Lowest Back-to-Back Rounds in Champions Tour History

This all-time record is for the lowest back-to-back rounds in the history of the Champions Tour — the lowest score in consecutive rounds within the same PGA Tour Champions tournament.

So far, a handful of golfers on the 50-and-over tour have gone as low as 125 in back-to-back rounds, and one golfer went even lower. So here's a closer look:

The Record-Holder: Bruce Fleisher, 124

Bruce Fleisher was one of those golfers who never did much on the regular PGA Tour (he had one win), but then became a star on the senior circuit: He piled up 18 career Champions Tour wins. The 2002 RJR Championship was his 15th of those 18 wins.

His first round of 60 tied the then-Champions Tour 18-hole scoring record. His second-round 64 gave him this record, as well as the tour's record for lowest opening 36 holes. In the final round, Fleisher added a 67 and won by five strokes over runner-up Hale Irwin in the 54-hole tournament. His 191 winning total in that tournament is still the Champions Tour's 54-hole scoring record.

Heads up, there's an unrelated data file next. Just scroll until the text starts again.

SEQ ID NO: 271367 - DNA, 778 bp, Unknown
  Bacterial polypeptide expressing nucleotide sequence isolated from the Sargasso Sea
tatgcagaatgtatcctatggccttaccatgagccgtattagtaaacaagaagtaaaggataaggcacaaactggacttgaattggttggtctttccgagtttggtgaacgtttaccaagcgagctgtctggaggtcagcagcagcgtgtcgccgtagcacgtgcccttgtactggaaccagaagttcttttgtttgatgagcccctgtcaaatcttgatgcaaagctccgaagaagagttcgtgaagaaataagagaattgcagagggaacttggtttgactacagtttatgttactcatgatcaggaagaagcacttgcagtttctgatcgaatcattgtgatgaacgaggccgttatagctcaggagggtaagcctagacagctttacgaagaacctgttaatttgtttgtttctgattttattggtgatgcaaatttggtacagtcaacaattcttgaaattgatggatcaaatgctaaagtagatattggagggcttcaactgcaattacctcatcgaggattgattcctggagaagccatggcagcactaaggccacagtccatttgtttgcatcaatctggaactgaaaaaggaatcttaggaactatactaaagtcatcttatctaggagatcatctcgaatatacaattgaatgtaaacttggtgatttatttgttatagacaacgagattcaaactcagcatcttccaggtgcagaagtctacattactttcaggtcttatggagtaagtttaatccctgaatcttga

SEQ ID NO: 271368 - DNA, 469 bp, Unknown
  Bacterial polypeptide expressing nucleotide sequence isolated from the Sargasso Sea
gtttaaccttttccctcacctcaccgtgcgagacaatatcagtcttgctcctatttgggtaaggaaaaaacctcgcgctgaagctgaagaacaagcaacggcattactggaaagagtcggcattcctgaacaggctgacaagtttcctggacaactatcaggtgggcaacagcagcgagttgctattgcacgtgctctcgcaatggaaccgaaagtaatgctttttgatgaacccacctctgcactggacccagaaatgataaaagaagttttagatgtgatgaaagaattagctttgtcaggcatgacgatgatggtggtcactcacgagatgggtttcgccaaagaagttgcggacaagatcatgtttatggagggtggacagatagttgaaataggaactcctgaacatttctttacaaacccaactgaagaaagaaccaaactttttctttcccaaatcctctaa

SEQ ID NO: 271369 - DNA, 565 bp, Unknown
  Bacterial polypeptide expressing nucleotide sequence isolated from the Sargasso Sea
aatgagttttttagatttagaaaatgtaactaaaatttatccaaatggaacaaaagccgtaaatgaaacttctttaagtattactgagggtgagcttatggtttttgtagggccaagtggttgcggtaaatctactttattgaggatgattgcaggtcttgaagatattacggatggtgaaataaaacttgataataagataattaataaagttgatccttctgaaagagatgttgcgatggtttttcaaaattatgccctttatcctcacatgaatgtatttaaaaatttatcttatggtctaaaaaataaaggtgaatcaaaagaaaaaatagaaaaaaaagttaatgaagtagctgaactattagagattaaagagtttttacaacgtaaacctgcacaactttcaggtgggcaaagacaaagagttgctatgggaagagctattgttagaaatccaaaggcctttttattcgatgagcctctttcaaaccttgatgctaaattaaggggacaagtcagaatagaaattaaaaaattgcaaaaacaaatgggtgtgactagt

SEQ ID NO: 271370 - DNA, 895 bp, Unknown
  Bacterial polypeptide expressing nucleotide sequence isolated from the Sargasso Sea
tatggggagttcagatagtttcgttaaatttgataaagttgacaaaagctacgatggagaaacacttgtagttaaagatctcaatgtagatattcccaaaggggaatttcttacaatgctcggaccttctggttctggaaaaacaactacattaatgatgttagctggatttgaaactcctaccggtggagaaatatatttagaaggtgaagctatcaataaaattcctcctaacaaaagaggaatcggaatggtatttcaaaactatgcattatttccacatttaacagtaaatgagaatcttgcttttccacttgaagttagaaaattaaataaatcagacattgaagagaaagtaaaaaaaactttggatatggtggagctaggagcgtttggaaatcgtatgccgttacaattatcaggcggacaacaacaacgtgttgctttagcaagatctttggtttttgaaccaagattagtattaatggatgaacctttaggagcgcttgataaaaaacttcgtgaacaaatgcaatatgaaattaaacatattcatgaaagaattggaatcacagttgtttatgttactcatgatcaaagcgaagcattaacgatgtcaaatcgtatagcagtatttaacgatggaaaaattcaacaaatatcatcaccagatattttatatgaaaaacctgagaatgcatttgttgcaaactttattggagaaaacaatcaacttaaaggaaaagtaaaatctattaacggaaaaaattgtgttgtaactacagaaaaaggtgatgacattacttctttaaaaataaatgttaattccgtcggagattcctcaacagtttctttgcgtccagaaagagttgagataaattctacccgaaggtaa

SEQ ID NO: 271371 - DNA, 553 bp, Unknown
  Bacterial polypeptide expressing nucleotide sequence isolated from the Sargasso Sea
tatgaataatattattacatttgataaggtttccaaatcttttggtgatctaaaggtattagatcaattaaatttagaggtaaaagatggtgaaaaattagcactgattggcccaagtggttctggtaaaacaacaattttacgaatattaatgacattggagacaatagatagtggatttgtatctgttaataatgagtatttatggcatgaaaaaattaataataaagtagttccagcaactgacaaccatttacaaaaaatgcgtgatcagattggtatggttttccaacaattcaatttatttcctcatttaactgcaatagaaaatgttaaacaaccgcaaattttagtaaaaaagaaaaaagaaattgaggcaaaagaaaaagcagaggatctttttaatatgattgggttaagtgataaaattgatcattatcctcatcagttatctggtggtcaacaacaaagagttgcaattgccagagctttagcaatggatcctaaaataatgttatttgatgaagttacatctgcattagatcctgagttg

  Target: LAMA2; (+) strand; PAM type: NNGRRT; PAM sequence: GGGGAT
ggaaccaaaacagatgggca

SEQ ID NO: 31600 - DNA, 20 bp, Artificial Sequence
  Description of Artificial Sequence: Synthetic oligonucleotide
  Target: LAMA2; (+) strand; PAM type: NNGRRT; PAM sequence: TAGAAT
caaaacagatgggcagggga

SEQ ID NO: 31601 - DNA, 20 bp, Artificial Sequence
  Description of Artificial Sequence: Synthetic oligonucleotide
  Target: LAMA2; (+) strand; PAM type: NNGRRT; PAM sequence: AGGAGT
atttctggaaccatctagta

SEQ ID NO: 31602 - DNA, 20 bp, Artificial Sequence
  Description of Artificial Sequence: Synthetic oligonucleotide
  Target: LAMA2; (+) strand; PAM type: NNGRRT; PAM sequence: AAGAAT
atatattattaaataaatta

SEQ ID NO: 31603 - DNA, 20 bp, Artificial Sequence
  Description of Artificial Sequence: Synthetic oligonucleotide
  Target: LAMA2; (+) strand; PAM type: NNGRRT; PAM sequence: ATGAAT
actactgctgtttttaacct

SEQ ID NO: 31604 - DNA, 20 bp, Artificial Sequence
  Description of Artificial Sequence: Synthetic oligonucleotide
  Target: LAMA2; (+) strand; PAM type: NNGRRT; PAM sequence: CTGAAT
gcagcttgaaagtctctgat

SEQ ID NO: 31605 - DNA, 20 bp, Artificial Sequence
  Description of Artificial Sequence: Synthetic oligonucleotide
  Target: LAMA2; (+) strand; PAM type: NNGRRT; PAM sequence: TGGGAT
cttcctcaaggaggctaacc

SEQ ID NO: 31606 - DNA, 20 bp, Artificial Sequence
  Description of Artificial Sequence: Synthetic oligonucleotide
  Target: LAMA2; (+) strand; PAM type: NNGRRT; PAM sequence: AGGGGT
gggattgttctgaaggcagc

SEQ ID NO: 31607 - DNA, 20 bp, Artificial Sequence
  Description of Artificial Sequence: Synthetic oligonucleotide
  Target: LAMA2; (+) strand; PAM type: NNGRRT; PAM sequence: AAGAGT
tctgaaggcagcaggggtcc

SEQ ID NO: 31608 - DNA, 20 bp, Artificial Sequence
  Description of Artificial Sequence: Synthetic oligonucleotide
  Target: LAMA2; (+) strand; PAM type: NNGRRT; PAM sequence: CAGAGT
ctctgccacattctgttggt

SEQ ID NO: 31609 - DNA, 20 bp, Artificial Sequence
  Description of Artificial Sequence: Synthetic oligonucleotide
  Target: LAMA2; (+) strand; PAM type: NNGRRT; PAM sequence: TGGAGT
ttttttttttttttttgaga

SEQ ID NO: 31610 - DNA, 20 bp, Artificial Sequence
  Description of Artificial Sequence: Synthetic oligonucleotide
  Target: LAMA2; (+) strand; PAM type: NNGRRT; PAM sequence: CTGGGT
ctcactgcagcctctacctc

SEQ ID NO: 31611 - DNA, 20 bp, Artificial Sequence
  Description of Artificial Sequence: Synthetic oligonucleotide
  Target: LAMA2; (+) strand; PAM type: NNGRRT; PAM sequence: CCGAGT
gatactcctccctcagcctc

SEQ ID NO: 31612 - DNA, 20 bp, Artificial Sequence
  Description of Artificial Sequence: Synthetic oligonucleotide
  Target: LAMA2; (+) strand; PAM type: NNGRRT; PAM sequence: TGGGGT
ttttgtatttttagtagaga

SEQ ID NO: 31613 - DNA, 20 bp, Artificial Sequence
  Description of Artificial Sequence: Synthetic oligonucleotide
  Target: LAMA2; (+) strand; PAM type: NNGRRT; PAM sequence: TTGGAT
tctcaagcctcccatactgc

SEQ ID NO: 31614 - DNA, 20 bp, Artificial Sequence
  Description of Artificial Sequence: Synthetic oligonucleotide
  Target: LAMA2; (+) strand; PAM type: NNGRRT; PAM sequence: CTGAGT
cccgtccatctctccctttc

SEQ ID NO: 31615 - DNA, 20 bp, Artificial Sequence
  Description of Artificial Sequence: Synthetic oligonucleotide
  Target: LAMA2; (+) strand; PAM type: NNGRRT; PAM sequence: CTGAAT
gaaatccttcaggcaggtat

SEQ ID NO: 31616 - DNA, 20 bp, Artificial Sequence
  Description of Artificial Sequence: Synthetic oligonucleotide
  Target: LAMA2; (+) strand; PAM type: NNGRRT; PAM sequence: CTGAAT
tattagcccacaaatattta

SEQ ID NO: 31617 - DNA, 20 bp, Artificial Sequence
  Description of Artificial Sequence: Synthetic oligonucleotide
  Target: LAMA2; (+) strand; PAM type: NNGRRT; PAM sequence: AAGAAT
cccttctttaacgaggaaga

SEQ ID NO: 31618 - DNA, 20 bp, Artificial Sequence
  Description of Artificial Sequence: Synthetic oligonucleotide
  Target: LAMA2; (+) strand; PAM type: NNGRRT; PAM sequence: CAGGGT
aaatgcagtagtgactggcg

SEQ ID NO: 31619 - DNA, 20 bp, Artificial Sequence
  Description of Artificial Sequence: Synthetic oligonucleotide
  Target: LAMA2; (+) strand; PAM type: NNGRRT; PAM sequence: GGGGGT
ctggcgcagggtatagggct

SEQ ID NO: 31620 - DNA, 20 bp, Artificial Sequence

The List: Lowest Score, Consecutive Rounds, Champions Tour

(The score in relation to par that appears in parentheses with each listing is the golfer's score in the two rounds whose stroke totals are also listed.)
  • 124: Bruce Fleisher, 60-64, 2002 RJR Championship, first and second rounds (16-under)
  • 125: Isao Aoki, 60-65, 1997 Emerald Coast Classic, second and third rounds (15-under)
  • 125: Walter Morgan, 60-65, 2002 AT&T Canada Senior Open, second and third rounds (17-under)
  • 125: Gil Morgan, 63-62, 2006 MasterCard Championship at Hualalai, second and third rounds (19-under)
  • 125: Tom Lehman, 63-62, 2012 Charles Schwab Cup Championship, second and third rounds (17-under)
  • 125: Scott McCarron, 61-64, 2017 Dick's Sporting Goods Open, second and third rounds (17-under)
  • 125: Phil Mickelson, 61-64, 2020 Charles Schwab Series at Ozarks National, first and second rounds (17-under)
In addition to Fleisher, Aoki, Lehman and McCarron also were winners of the tournaments in which they made this list. In Walter Morgan's case, he was 61 when he opened the 2002 AT&T Canada Senior Open with a 60, making him the youngest golfer in Champions Tour history to shoot his age.

The most recent golfer to join the above list, Phil Mickelson, did so in the first two rounds he ever played on the Champions Tour.

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